SAMI MOKBEL: The Football Association should explore Guardiola if Southgate leaves

The Football Association hopes that’s not a question to be answered anytime soon, but who to turn to if Gareth Southgate leaves after the World Cup?

Here’s an idea: call Pep Guardiola.

Is it realistic? Maybe not. But if you don’t ask you don’t get and if the FA can persuade Guardiola somehow it would be the equivalent of winning the lottery.

If Gareth Southgate were to leave after the World Cup, the FA should ask about Pep Guardiola


  • 51-year-old Pep Guardiola would revolutionize the England squad but would cost an absolute fortune.
  • Mauricio Pochettino, 50 Knows English football and the Premier League but is considering a club return.
  • Thomas Tuchel, 49 A proven track record of winning trophies, but could the FA appoint a German coach?
  • Graham Potter, 47 Arguably the FA’s dream appointment, but he’s just taken the Chelsea job.
  • Frank Lampard, 44 Proving a very strong appointment by Everton and is on England’s radar for the longer term.
  • Steve Cooper, 42, won the Under-17 World Cup with England in 2017 but the Nottingham Forest boss has very little top management experience.
  • Steven Gerrard, 42, will immediately command the respect of players, but found his first Premier League job at Aston Villa difficult.
  • Eddie Howe, 44, has long been touted as a future England manager, but why would he leave Newcastle?
  • Scott Parker, 41 The FA have been keeping tabs on his progress and are impressed with his tactical philosophy.

The patriots will say “he is not English”. True – but does it really matter?

He is a generational coach, the best on the market. The FA should surely strive to achieve this.

Whether the Spaniard entertains him is probably doubtful at best.

Even if he were up for it, he would be very expensive – he earns £19m a season at Manchester City, a sum well short of the FA’s post-Covid budget.

But without a doubt, it is worth exploring. His contract expires at the end of the season, although City naturally want to extend it.

You’d think Guardiola is unlikely to leave the Etihad mid-season – but surely he’s worth the wait until summer?

If Guardiola is not possible, then why not Mauricio Pochettino? Or Thomas Tuchel?

Both are unemployed, both know the Premier League and are cheaper than Guardiola.

Pochettino is as close to captain Harry Kane as any other manager. while Tuchel won the Champions League. Both are worth considering.

Then there’s Northern Irishman Brendan Rodgers, whose stock isn’t as high as it once was, but his coaching abilities are unquestionable.

Of course, the merits of nominating an Englishman are obvious. To use a modern football expression: it means more. And, of course, it is. In an ideal world, the England manager should be English.

But in the search for authenticity, the FA is limited, especially since there is no obvious English candidate this winter in the event of a separation with Southgate.

Until three weeks ago, the FA had their eye on Graham Potter as Southgate’s successor.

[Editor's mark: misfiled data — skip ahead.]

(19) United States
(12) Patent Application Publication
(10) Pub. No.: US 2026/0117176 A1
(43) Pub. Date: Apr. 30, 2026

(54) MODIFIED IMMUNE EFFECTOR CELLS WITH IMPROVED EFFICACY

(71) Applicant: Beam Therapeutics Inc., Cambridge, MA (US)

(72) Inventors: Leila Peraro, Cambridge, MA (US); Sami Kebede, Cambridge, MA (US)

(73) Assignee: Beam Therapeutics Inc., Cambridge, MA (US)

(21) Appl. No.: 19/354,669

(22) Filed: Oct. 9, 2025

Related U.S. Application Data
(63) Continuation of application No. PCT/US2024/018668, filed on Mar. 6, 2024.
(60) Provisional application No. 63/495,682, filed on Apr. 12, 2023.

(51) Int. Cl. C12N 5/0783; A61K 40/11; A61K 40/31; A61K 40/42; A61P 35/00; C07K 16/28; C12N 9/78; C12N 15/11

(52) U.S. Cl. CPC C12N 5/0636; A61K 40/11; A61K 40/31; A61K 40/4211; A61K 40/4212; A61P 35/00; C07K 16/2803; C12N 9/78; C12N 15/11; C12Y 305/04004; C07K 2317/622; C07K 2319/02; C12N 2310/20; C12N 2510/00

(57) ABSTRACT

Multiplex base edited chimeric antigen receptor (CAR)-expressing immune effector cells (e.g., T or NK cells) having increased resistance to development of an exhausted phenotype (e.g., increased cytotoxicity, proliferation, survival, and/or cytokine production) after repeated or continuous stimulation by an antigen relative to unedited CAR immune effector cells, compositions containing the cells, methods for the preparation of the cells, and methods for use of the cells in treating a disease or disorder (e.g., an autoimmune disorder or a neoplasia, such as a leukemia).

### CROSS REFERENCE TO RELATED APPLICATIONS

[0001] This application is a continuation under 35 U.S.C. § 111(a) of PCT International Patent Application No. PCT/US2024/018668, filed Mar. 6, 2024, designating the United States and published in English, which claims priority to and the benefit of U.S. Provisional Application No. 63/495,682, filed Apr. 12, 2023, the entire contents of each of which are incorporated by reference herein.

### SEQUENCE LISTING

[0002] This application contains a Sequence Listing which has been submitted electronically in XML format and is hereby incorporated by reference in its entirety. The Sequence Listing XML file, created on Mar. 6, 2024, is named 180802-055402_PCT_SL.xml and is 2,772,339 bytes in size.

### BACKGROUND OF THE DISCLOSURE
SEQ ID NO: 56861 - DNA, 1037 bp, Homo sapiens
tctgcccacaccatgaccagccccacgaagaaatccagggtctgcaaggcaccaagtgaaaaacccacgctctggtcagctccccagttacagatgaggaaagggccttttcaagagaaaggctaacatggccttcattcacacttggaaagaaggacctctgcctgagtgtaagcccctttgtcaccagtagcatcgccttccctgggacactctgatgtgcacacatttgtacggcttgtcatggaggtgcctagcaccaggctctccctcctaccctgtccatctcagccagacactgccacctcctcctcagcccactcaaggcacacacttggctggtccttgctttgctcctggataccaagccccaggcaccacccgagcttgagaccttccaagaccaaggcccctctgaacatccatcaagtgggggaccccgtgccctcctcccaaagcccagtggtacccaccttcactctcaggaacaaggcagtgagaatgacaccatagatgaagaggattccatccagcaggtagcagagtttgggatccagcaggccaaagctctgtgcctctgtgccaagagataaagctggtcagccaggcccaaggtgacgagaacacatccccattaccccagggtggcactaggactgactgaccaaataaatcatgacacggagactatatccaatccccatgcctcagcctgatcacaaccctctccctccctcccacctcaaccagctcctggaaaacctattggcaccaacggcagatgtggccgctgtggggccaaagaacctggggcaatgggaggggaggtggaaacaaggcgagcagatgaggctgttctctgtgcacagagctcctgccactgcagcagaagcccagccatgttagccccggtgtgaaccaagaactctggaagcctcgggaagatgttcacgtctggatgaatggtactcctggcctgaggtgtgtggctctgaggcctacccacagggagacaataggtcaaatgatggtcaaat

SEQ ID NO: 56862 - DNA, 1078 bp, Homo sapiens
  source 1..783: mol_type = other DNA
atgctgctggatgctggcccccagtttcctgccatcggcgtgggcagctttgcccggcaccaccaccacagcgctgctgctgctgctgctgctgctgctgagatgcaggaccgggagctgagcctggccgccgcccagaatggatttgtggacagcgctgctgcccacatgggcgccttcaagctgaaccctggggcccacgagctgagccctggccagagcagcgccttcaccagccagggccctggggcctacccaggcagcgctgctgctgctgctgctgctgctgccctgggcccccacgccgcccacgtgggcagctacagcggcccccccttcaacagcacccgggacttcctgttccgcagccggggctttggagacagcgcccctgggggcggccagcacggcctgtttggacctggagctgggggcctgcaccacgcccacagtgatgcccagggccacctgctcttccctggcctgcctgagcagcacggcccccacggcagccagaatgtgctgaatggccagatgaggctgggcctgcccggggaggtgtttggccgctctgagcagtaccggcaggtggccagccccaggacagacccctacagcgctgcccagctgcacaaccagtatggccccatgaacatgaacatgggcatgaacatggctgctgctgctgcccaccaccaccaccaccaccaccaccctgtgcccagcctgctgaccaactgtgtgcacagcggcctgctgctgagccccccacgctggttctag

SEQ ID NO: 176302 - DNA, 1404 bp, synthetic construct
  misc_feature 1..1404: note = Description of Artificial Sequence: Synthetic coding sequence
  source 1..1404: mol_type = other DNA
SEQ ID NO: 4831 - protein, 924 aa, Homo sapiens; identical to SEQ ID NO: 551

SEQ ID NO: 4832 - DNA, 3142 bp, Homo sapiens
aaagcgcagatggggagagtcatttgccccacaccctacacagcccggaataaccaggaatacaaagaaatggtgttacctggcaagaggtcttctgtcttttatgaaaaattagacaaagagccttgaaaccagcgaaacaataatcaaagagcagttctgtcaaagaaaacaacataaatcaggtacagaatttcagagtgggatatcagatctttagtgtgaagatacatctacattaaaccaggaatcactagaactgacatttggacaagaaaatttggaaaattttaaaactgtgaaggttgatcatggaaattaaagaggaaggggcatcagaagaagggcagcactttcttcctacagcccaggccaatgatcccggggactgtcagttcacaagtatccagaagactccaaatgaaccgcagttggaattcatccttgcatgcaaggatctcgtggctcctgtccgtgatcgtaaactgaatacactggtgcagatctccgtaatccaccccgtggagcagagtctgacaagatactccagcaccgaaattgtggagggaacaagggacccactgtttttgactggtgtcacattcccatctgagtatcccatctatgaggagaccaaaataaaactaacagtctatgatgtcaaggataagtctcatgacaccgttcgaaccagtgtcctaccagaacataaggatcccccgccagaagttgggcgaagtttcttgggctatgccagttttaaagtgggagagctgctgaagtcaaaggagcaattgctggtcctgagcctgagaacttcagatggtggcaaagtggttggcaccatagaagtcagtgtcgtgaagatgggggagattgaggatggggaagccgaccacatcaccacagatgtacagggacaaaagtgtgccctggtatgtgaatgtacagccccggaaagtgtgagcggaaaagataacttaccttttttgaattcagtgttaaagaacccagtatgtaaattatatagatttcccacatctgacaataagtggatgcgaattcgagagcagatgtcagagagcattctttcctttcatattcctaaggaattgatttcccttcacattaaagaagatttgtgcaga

His work at Brighton in implementing a clear and engaging philosophy has been admired. But as we now know, the American owners of Chelsea had the same idea.

The FA will continue to monitor Potter as he begins his journey at Stamford Bridge – but the 47-year-old’s appointment is a non-starter for now.

Pep Guardiola's contract with Manchester City expires at the end of this campaign

Pep Guardiola’s contract with Manchester City expires at the end of this campaign

Thomas Tuchel, unemployed after being sacked by Chelsea, is another candidate

Thomas Tuchel, unemployed after being sacked by Chelsea, is another candidate

Eddie Howe is another whom the FA admires but like Potter is entrenched in high-profile work at Newcastle.

Frank Lampard and Steven Gerrard are still cutting their teeth at the highest levels of club management – ​​although Southgate’s largely positive reign suggests Premier League success isn’t necessarily a prerequisite for international football.

Lampard is doing a great job in rebuilding a club football at Everton which was on its knees when he arrived.

Gerrard finds life at Aston Villa more difficult, but his pedigree means he would command instant respect from the players.

But while the pair are certainly on the FA’s radar, they probably need a few more years in club football.

Steve Cooper is already a World Cup-winning manager in his previous form as England Under-17 boss.

He is highly regarded at St George’s Park – certainly by FA technical director John McDermott.

Southgate himself admitted before the game against Germany that he was not protected by a contract

Southgate himself admitted before the game against Germany that he was not protected by a contract

Moreover, it’s not impossible that Cooper will be available after the World Cup amid tensions behind the scenes at Nottingham Forest. But if we’re being pedantic – Cooper is Welsh and has little experience at the top level.

An outside choice: Scott Parker – who implemented a clear philosophy at Fulham and Bournemouth before his dismissal on non-footballing grounds from the latter last month.

But ultimately there is no obvious English choice for the FA if Southgate leaves this winter.

There were no surprises at FA headquarters on Sunday when Southgate appeared to open the door to a departure after Qatar.

Some within the governing body suspect he could walk away regardless of England’s performance at the World Cup.

But even if Southgate’s comments weren’t unexpected, they should have sharpened the wits of those in the FA tasked with finding his successor.

Scott Parker, who has implemented a clear philosophy at Fulham and Bournemouth, is an option

About Betty J. Snyder

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